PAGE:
Tunisia's telecoms regulator has launched a feasibility study of 5G and the country's minister for telecoms has said licences suitable for the next generation of mobile broadband services could be awarded in 2021.
The study will analyse the opportunities as well as technological and economic implications of 5G, to help Tunisia keep pace with the 5G development in the regional and global markets. The tender for the research project was first published at the beginning of March and concluded at the beginning of April. The winner was not publicly announced.
5G has also gained support from the government. Anouar Maarouf, the minister of Communication Technologies and Digital Economy (le Ministère des Technologies de la Communication et de l'Economie Numérique), said at a workshop on 5G and Innovation in December last year that 5G licences could be awarded in 2021 if the technologies should be ready. His department, through Taoufik Rojbi, the Director General of the National Frequencies Agency (Agence Nationale Des Fréquences), also announced at the same workshop that the licence fees will be spread out over a number of years, to alleviate the financial pressure on operators that aspire to launch 5G in the country, reported allAfrica.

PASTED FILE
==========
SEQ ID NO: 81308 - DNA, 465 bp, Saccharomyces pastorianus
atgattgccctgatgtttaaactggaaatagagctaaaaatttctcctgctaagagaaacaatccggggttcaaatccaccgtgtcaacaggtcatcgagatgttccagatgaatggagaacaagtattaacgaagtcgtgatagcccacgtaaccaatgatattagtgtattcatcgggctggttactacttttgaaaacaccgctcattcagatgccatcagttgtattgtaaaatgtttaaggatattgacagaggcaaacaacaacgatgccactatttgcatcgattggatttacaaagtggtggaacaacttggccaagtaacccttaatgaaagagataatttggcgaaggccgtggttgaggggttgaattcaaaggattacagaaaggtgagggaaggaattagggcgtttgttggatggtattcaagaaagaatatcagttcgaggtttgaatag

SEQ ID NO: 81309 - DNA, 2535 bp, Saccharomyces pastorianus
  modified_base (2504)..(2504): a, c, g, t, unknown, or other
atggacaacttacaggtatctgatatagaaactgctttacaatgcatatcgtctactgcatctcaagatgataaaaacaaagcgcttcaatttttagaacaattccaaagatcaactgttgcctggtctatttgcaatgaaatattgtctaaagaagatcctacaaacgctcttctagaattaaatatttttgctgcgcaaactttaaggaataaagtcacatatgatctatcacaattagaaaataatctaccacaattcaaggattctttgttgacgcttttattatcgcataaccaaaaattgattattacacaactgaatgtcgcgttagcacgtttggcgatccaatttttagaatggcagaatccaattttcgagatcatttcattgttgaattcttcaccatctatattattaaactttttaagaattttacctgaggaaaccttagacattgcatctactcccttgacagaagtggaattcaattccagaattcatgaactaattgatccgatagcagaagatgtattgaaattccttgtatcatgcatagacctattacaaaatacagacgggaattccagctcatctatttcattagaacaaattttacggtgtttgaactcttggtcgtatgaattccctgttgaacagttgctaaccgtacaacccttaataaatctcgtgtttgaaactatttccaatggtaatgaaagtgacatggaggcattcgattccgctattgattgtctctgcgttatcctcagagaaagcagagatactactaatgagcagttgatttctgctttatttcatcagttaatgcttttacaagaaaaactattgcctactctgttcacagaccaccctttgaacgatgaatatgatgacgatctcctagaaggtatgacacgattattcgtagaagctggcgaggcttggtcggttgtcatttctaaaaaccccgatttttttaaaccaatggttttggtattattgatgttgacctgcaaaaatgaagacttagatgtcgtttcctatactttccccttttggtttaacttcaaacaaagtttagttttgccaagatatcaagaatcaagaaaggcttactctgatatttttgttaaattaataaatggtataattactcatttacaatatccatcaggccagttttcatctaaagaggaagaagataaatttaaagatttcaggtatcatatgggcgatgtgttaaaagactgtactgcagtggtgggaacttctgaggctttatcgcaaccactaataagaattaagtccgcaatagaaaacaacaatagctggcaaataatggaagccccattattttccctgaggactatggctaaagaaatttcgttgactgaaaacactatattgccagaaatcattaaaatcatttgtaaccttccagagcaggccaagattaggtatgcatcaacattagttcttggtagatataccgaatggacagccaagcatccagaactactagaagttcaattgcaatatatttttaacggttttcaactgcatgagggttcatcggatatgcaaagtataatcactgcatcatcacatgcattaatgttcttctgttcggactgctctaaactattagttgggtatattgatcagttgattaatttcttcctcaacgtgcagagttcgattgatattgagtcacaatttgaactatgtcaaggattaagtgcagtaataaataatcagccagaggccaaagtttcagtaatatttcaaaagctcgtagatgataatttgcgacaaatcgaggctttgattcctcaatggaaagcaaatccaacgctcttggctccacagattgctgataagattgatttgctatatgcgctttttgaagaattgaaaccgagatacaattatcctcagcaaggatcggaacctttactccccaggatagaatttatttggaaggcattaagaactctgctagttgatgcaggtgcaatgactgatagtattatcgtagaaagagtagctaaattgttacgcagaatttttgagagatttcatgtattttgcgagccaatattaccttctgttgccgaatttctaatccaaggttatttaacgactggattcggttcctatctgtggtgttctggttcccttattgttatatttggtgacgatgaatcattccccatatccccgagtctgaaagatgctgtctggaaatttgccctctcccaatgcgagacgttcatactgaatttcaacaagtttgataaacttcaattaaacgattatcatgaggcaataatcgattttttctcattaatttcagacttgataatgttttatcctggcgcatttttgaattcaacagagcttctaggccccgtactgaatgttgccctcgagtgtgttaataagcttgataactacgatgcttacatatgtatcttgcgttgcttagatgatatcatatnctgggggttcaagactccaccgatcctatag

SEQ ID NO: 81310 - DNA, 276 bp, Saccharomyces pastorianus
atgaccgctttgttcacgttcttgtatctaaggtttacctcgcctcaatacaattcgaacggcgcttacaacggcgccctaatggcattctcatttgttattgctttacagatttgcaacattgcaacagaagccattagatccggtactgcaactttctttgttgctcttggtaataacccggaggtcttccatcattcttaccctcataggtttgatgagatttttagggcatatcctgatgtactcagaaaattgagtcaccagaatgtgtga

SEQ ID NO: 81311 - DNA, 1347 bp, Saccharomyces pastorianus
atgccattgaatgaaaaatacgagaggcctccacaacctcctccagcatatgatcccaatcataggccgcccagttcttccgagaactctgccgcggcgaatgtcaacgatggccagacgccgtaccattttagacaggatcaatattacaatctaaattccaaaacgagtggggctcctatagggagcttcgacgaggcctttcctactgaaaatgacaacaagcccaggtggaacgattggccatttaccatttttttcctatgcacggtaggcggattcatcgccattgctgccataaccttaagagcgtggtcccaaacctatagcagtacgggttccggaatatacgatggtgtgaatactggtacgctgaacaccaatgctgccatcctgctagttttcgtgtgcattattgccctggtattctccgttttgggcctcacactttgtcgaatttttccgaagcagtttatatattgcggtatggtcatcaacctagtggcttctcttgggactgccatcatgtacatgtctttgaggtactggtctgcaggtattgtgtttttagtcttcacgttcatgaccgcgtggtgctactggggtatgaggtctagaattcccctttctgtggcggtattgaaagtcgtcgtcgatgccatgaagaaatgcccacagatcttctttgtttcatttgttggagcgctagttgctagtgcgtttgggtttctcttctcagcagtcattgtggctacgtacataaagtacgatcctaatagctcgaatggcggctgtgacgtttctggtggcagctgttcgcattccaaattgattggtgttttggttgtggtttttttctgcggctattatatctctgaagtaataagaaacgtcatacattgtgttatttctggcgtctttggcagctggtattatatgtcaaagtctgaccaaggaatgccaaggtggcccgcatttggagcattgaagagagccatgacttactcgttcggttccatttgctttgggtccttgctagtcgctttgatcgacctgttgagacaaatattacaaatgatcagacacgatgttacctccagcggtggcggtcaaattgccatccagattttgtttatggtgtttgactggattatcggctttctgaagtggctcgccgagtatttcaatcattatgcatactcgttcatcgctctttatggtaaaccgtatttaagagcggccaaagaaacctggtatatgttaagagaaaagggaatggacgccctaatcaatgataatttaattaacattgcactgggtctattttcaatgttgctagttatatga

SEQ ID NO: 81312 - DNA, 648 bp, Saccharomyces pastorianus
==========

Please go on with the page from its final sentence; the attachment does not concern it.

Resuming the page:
Anouar Maarouf, the minister of Communication Technologies and Digital Economy, talks at the December 2018 workshop on 5G and innovation.
On the other hand, Tunisia, together with Egypt, Niger and São Tomé and Príncipe, has been identified by the GSMA as the countries that have charged high spectrum fees relative to the national income level. Therefore, the decision to spread out 5G licence payment will help. (See GSMA on the Impact of Spectrum License Fees: Is It Really That Simple?)
The introduction of 4G mobile broadband services across Africa has been transformative for individual users, businesses and economies, as well as the continent's mobile operators, but now the world is getting excited about the potential of 5G.
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